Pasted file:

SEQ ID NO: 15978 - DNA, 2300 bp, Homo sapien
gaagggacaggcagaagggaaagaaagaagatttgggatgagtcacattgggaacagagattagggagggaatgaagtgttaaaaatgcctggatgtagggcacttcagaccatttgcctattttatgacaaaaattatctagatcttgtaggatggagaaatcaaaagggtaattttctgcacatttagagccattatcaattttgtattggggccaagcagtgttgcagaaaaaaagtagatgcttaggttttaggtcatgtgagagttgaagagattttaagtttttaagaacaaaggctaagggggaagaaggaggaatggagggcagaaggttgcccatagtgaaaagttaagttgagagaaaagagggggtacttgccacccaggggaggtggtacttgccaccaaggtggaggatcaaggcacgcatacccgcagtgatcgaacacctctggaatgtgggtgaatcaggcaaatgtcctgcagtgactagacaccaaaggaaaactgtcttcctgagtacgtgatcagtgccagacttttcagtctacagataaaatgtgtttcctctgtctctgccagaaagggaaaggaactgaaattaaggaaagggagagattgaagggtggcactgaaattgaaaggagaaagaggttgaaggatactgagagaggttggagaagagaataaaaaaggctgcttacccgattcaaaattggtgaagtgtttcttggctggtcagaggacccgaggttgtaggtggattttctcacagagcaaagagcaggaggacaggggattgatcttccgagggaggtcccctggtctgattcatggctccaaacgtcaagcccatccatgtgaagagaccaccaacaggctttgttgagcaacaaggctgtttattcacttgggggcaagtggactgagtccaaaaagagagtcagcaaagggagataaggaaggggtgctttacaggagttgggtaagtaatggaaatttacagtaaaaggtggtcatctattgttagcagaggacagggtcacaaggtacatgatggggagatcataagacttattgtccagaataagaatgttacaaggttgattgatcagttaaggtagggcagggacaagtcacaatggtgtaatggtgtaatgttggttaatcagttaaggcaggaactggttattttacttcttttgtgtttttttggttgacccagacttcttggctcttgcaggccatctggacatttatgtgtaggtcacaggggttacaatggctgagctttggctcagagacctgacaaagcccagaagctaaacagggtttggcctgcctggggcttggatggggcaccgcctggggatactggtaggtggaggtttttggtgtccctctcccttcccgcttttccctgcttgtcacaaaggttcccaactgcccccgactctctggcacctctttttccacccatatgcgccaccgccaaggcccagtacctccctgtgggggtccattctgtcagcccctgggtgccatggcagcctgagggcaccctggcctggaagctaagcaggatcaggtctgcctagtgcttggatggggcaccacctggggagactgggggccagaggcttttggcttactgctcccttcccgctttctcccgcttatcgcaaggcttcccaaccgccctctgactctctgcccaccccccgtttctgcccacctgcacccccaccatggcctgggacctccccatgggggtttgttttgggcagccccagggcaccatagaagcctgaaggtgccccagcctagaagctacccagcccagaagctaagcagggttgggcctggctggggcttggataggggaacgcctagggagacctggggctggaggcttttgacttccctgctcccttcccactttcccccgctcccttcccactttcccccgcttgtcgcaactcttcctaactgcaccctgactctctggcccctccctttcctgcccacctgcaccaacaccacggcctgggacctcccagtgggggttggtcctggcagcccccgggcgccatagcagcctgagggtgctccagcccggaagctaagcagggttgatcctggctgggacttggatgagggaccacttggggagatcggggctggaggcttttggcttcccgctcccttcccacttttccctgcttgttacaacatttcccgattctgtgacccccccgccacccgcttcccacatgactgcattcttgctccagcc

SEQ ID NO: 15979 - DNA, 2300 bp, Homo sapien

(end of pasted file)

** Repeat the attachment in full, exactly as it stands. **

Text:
SEQ ID NO: 15978 - DNA, 2300 bp, Homo sapien
gaagggacaggcagaagggaaagaaagaagatttgggatgagtcacattgggaacagagattagggagggaatgaagtgttaaaaatgcctggatgtagggcacttcagaccatttgcctattttatgacaaaaattatctagatcttgtaggatggagaaatcaaaagggtaattttctgcacatttagagccattatcaattttgtattggggccaagcagtgttgcagaaaaaaagtagatgcttaggttttaggtcatgtgagagttgaagagattttaagtttttaagaacaaaggctaagggggaagaaggaggaatggagggcagaaggttgcccatagtgaaaagttaagttgagagaaaagagggggtacttgccacccaggggaggtggtacttgccaccaaggtggaggatcaaggcacgcatacccgcagtgatcgaacacctctggaatgtgggtgaatcaggcaaatgtcctgcagtgactagacaccaaaggaaaactgtcttcctgagtacgtgatcagtgccagacttttcagtctacagataaaatgtgtttcctctgtctctgccagaaagggaaaggaactgaaattaaggaaagggagagattgaagggtggcactgaaattgaaaggagaaagaggttgaaggatactgagagaggttggagaagagaataaaaaaggctgcttacccgattcaaaattggtgaagtgtttcttggctggtcagaggacccgaggttgtaggtggattttctcacagagcaaagagcaggaggacaggggattgatcttccgagggaggtcccctggtctgattcatggctccaaacgtcaagcccatccatgtgaagagaccaccaacaggctttgttgagcaacaaggctgtttattcacttgggggcaagtggactgagtccaaaaagagagtcagcaaagggagataaggaaggggtgctttacaggagttgggtaagtaatggaaatttacagtaaaaggtggtcatctattgttagcagaggacagggtcacaaggtacatgatggggagatcataagacttattgtccagaataagaatgttacaaggttgattgatcagttaaggtagggcagggacaagtcacaatggtgtaatggtgtaatgttggttaatcagttaaggcaggaactggttattttacttcttttgtgtttttttggttgacccagacttcttggctcttgcaggccatctggacatttatgtgtaggtcacaggggttacaatggctgagctttggctcagagacctgacaaagcccagaagctaaacagggtttggcctgcctggggcttggatggggcaccgcctggggatactggtaggtggaggtttttggtgtccctctcccttcccgcttttccctgcttgtcacaaaggttcccaactgcccccgactctctggcacctctttttccacccatatgcgccaccgccaaggcccagtacctccctgtgggggtccattctgtcagcccctgggtgccatggcagcctgagggcaccctggcctggaagctaagcaggatcaggtctgcctagtgcttggatggggcaccacctggggagactgggggccagaggcttttggcttactgctcccttcccgctttctcccgcttatcgcaaggcttcccaaccgccctctgactctctgcccaccccccgtttctgcccacctgcacccccaccatggcctgggacctccccatgggggtttgttttgggcagccccagggcaccatagaagcctgaaggtgccccagcctagaagctacccagcccagaagctaagcagggttgggcctggctggggcttggataggggaacgcctagggagacctggggctggaggcttttgacttccctgctcccttcccactttcccccgctcccttcccactttcccccgcttgtcgcaactcttcctaactgcaccctgactctctggcccctccctttcctgcccacctgcaccaacaccacggcctgggacctcccagtgggggttggtcctggcagcccccgggcgccatagcagcctgagggtgctccagcccggaagctaagcagggttgatcctggctgggacttggatgagggaccacttggggagatcggggctggaggcttttggcttcccgctcccttcccacttttccctgcttgttacaacatttcccgattctgtgacccccccgccacccgcttcccacatgactgcattcttgctccagcc

SEQ ID NO: 15979 - DNA, 2300 bp, Homo sapien